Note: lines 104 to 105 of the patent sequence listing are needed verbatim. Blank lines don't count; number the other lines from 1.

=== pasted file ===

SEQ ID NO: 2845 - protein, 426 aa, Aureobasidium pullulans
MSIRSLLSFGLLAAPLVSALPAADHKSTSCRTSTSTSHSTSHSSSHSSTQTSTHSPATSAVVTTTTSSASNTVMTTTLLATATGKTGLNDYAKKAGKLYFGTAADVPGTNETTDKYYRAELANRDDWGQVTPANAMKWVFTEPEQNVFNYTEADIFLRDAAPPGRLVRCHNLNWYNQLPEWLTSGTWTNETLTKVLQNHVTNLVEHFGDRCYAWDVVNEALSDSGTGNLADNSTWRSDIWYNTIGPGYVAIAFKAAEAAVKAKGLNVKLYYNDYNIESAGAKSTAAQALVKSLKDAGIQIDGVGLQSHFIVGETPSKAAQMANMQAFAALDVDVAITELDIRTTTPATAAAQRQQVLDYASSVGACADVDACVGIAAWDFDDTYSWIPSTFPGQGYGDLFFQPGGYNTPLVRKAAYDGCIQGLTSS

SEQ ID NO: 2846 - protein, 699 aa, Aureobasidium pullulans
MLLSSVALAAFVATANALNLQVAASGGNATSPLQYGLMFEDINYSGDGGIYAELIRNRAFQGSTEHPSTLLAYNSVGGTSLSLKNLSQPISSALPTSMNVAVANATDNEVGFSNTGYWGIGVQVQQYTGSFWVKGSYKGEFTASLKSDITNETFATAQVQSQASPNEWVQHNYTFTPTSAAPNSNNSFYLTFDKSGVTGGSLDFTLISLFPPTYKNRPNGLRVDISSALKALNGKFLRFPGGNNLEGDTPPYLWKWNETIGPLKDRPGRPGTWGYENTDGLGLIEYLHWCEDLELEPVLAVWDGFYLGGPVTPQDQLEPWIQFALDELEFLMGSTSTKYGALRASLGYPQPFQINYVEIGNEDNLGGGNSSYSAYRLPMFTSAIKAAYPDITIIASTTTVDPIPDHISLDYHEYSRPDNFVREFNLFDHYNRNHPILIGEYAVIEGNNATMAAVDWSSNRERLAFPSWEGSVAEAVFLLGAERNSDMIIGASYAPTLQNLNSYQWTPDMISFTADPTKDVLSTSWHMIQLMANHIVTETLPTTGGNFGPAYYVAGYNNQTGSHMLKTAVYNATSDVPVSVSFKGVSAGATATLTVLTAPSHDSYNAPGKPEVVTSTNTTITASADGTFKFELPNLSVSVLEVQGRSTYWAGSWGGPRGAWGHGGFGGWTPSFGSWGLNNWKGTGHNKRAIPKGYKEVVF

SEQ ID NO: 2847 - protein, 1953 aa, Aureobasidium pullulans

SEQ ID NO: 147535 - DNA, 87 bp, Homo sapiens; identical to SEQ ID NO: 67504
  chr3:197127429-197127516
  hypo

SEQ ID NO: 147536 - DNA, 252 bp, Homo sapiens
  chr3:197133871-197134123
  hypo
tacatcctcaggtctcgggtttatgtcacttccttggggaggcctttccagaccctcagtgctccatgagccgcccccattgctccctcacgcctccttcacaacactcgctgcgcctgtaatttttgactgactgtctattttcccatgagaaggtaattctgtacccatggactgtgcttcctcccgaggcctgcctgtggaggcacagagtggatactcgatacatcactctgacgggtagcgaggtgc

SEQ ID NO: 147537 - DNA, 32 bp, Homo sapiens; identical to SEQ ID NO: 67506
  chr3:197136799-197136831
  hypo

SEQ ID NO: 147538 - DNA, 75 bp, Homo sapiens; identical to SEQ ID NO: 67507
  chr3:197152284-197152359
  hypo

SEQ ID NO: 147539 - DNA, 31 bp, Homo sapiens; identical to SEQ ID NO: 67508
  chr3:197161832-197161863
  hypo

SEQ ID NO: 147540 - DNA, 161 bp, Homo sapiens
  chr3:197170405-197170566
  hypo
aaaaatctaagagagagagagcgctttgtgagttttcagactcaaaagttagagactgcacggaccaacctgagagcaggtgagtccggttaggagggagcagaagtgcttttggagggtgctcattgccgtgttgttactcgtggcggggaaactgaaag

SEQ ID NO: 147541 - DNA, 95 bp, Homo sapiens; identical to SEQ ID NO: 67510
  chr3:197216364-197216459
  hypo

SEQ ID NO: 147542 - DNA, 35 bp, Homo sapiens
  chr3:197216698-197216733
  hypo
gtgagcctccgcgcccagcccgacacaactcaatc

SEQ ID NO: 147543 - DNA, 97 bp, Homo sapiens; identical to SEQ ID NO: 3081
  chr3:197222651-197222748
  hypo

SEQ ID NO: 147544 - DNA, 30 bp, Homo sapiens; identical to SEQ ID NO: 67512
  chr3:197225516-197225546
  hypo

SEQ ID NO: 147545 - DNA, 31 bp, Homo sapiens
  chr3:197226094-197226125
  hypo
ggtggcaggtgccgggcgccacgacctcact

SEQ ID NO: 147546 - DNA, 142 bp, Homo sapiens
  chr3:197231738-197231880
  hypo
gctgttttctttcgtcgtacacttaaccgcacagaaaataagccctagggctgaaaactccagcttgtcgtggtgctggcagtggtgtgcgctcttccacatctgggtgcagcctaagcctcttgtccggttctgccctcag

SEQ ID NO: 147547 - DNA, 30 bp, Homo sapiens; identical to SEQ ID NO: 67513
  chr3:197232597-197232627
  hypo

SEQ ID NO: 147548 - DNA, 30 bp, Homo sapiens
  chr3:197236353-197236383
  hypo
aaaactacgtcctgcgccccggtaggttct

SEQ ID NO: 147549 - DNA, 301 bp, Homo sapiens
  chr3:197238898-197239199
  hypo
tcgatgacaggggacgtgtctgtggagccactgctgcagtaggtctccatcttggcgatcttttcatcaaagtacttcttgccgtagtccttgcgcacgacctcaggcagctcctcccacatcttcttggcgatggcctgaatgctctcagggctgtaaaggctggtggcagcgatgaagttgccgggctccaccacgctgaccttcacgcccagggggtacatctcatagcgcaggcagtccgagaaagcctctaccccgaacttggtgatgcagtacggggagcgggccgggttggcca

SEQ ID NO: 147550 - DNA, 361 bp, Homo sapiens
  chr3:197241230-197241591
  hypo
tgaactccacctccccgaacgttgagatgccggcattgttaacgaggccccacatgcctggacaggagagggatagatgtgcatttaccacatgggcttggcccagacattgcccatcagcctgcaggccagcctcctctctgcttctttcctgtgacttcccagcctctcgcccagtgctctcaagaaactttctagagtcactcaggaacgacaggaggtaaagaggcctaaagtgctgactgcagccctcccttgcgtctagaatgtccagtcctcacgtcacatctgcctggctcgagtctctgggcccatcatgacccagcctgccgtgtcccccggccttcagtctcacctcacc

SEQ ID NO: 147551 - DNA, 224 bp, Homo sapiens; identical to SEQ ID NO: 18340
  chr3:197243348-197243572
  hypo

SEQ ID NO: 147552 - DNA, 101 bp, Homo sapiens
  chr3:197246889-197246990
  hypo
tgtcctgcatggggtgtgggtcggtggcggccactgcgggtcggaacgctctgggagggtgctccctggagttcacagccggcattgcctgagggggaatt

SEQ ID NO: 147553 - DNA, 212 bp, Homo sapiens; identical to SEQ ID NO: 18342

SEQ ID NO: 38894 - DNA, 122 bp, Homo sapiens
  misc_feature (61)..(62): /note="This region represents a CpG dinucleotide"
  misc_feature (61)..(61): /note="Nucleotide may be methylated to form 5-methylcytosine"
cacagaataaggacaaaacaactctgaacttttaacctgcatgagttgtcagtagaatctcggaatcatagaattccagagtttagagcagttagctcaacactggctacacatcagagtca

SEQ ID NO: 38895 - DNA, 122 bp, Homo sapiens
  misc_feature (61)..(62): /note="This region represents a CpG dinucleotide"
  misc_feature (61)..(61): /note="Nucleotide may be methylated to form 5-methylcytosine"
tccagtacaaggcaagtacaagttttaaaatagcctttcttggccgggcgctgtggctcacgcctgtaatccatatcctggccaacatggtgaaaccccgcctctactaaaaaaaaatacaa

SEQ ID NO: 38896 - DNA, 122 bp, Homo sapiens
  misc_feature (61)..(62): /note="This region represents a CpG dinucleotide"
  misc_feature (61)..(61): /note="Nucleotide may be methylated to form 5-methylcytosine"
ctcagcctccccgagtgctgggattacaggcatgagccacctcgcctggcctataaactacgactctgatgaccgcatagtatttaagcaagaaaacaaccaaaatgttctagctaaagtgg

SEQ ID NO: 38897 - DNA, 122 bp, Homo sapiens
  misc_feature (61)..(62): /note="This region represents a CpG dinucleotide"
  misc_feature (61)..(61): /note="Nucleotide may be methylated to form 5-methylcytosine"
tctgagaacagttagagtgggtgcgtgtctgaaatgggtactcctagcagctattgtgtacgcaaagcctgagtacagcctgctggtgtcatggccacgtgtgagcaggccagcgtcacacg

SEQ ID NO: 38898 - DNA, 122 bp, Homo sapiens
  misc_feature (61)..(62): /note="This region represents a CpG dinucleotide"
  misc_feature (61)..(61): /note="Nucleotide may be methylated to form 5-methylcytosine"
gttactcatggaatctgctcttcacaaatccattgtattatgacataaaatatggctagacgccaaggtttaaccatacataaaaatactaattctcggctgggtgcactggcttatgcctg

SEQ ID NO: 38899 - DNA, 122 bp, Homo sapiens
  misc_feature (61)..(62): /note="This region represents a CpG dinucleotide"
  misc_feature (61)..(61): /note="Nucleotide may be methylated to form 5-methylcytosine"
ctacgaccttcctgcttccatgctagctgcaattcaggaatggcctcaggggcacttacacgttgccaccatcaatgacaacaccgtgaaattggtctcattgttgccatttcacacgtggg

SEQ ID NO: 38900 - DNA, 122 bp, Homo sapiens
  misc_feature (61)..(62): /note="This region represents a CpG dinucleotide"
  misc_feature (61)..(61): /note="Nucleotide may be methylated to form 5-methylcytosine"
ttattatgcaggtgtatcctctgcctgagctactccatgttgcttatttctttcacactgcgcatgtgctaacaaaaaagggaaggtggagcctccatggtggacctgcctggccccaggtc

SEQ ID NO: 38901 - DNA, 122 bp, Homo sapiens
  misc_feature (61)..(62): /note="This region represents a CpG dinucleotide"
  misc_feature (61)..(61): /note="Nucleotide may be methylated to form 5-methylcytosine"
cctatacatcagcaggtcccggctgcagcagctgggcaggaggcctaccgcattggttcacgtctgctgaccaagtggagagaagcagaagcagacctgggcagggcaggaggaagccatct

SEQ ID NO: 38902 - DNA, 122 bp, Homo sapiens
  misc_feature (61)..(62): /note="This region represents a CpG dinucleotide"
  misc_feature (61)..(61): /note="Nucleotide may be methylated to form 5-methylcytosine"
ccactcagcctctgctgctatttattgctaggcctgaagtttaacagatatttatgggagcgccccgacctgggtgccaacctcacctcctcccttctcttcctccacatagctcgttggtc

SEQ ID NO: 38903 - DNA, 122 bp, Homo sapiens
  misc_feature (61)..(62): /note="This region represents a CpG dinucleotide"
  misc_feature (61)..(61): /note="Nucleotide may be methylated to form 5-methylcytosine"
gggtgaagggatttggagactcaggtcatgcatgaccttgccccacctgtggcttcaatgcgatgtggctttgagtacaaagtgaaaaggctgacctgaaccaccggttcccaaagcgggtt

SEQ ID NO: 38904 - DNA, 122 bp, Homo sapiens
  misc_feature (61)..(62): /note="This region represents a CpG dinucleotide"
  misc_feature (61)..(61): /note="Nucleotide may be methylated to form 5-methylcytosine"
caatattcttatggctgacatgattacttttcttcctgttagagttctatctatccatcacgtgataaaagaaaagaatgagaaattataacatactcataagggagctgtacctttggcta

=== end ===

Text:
  misc_feature (61)..(61): /note="Nucleotide may be methylated to form 5-methylcytosine"
ccactcagcctctgctgctatttattgctaggcctgaagtttaacagatatttatgggagcgccccgacctgggtgccaacctcacctcctcccttctcttcctccacatagctcgttggtc